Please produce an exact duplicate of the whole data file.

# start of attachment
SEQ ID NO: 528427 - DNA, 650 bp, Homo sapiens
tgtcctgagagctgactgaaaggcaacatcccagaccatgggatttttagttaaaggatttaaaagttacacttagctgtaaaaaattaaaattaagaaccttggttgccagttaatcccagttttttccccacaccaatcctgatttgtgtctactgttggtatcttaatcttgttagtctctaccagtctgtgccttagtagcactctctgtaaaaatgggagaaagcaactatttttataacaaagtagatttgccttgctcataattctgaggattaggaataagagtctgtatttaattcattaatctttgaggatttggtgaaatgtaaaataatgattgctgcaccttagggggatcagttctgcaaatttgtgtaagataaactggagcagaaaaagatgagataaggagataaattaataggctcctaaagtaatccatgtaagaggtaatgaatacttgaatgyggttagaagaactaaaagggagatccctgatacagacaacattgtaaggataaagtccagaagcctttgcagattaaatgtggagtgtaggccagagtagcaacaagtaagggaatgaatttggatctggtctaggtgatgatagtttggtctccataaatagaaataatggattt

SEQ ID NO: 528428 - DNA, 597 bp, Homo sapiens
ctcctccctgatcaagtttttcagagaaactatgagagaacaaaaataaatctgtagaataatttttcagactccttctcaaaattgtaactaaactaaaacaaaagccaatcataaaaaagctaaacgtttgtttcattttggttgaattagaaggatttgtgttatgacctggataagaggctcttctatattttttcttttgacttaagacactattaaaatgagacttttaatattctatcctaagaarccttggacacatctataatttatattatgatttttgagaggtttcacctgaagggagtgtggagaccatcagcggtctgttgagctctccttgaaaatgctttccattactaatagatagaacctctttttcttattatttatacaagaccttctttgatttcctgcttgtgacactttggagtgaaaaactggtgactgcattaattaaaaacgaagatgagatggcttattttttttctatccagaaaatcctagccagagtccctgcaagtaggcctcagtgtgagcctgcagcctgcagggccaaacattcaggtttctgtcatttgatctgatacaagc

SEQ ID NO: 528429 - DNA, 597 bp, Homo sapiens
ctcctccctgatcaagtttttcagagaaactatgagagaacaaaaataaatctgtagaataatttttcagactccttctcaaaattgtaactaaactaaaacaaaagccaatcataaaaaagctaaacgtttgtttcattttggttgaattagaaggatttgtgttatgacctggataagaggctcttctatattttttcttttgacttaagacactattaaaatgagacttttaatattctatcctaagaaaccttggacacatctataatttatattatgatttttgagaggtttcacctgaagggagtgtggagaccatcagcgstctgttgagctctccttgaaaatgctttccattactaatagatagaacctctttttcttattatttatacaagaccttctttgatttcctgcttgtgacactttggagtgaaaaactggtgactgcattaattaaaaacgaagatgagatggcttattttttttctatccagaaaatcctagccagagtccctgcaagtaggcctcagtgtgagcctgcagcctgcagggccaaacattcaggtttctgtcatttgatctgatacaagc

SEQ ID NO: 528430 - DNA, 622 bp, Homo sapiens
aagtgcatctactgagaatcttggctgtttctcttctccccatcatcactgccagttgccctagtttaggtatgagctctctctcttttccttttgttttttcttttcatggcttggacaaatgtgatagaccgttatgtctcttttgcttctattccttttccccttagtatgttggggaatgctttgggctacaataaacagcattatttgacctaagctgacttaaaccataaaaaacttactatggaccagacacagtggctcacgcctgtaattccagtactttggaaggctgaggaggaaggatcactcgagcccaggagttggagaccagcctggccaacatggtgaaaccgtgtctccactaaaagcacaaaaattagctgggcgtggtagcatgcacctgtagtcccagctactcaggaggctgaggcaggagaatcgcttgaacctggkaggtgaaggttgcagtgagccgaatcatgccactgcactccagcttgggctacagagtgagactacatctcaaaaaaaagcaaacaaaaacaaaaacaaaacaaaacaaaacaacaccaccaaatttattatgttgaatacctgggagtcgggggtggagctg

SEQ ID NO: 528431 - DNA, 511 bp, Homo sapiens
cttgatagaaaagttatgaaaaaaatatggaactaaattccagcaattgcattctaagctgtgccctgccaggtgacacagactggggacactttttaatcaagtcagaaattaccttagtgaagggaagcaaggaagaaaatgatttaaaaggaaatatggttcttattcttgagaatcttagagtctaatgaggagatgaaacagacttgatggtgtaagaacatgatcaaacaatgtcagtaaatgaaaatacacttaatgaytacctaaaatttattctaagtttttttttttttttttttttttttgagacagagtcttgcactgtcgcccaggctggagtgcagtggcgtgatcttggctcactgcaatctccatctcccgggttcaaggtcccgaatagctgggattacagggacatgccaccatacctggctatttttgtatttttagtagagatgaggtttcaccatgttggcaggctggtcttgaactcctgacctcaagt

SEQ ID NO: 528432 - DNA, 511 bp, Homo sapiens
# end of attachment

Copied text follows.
SEQ ID NO: 528427 - DNA, 650 bp, Homo sapiens
tgtcctgagagctgactgaaaggcaacatcccagaccatgggatttttagttaaaggatttaaaagttacacttagctgtaaaaaattaaaattaagaaccttggttgccagttaatcccagttttttccccacaccaatcctgatttgtgtctactgttggtatcttaatcttgttagtctctaccagtctgtgccttagtagcactctctgtaaaaatgggagaaagcaactatttttataacaaagtagatttgccttgctcataattctgaggattaggaataagagtctgtatttaattcattaatctttgaggatttggtgaaatgtaaaataatgattgctgcaccttagggggatcagttctgcaaatttgtgtaagataaactggagcagaaaaagatgagataaggagataaattaataggctcctaaagtaatccatgtaagaggtaatgaatacttgaatgyggttagaagaactaaaagggagatccctgatacagacaacattgtaaggataaagtccagaagcctttgcagattaaatgtggagtgtaggccagagtagcaacaagtaagggaatgaatttggatctggtctaggtgatgatagtttggtctccataaatagaaataatggattt

SEQ ID NO: 528428 - DNA, 597 bp, Homo sapiens
ctcctccctgatcaagtttttcagagaaactatgagagaacaaaaataaatctgtagaataatttttcagactccttctcaaaattgtaactaaactaaaacaaaagccaatcataaaaaagctaaacgtttgtttcattttggttgaattagaaggatttgtgttatgacctggataagaggctcttctatattttttcttttgacttaagacactattaaaatgagacttttaatattctatcctaagaarccttggacacatctataatttatattatgatttttgagaggtttcacctgaagggagtgtggagaccatcagcggtctgttgagctctccttgaaaatgctttccattactaatagatagaacctctttttcttattatttatacaagaccttctttgatttcctgcttgtgacactttggagtgaaaaactggtgactgcattaattaaaaacgaagatgagatggcttattttttttctatccagaaaatcctagccagagtccctgcaagtaggcctcagtgtgagcctgcagcctgcagggccaaacattcaggtttctgtcatttgatctgatacaagc

SEQ ID NO: 528429 - DNA, 597 bp, Homo sapiens
ctcctccctgatcaagtttttcagagaaactatgagagaacaaaaataaatctgtagaataatttttcagactccttctcaaaattgtaactaaactaaaacaaaagccaatcataaaaaagctaaacgtttgtttcattttggttgaattagaaggatttgtgttatgacctggataagaggctcttctatattttttcttttgacttaagacactattaaaatgagacttttaatattctatcctaagaaaccttggacacatctataatttatattatgatttttgagaggtttcacctgaagggagtgtggagaccatcagcgstctgttgagctctccttgaaaatgctttccattactaatagatagaacctctttttcttattatttatacaagaccttctttgatttcctgcttgtgacactttggagtgaaaaactggtgactgcattaattaaaaacgaagatgagatggcttattttttttctatccagaaaatcctagccagagtccctgcaagtaggcctcagtgtgagcctgcagcctgcagggccaaacattcaggtttctgtcatttgatctgatacaagc

SEQ ID NO: 528430 - DNA, 622 bp, Homo sapiens
aagtgcatctactgagaatcttggctgtttctcttctccccatcatcactgccagttgccctagtttaggtatgagctctctctcttttccttttgttttttcttttcatggcttggacaaatgtgatagaccgttatgtctcttttgcttctattccttttccccttagtatgttggggaatgctttgggctacaataaacagcattatttgacctaagctgacttaaaccataaaaaacttactatggaccagacacagtggctcacgcctgtaattccagtactttggaaggctgaggaggaaggatcactcgagcccaggagttggagaccagcctggccaacatggtgaaaccgtgtctccactaaaagcacaaaaattagctgggcgtggtagcatgcacctgtagtcccagctactcaggaggctgaggcaggagaatcgcttgaacctggkaggtgaaggttgcagtgagccgaatcatgccactgcactccagcttgggctacagagtgagactacatctcaaaaaaaagcaaacaaaaacaaaaacaaaacaaaacaaaacaacaccaccaaatttattatgttgaatacctgggagtcgggggtggagctg

SEQ ID NO: 528431 - DNA, 511 bp, Homo sapiens
cttgatagaaaagttatgaaaaaaatatggaactaaattccagcaattgcattctaagctgtgccctgccaggtgacacagactggggacactttttaatcaagtcagaaattaccttagtgaagggaagcaaggaagaaaatgatttaaaaggaaatatggttcttattcttgagaatcttagagtctaatgaggagatgaaacagacttgatggtgtaagaacatgatcaaacaatgtcagtaaatgaaaatacacttaatgaytacctaaaatttattctaagtttttttttttttttttttttttttgagacagagtcttgcactgtcgcccaggctggagtgcagtggcgtgatcttggctcactgcaatctccatctcccgggttcaaggtcccgaatagctgggattacagggacatgccaccatacctggctatttttgtatttttagtagagatgaggtttcaccatgttggcaggctggtcttgaactcctgacctcaagt

SEQ ID NO: 528432 - DNA, 511 bp, Homo sapiens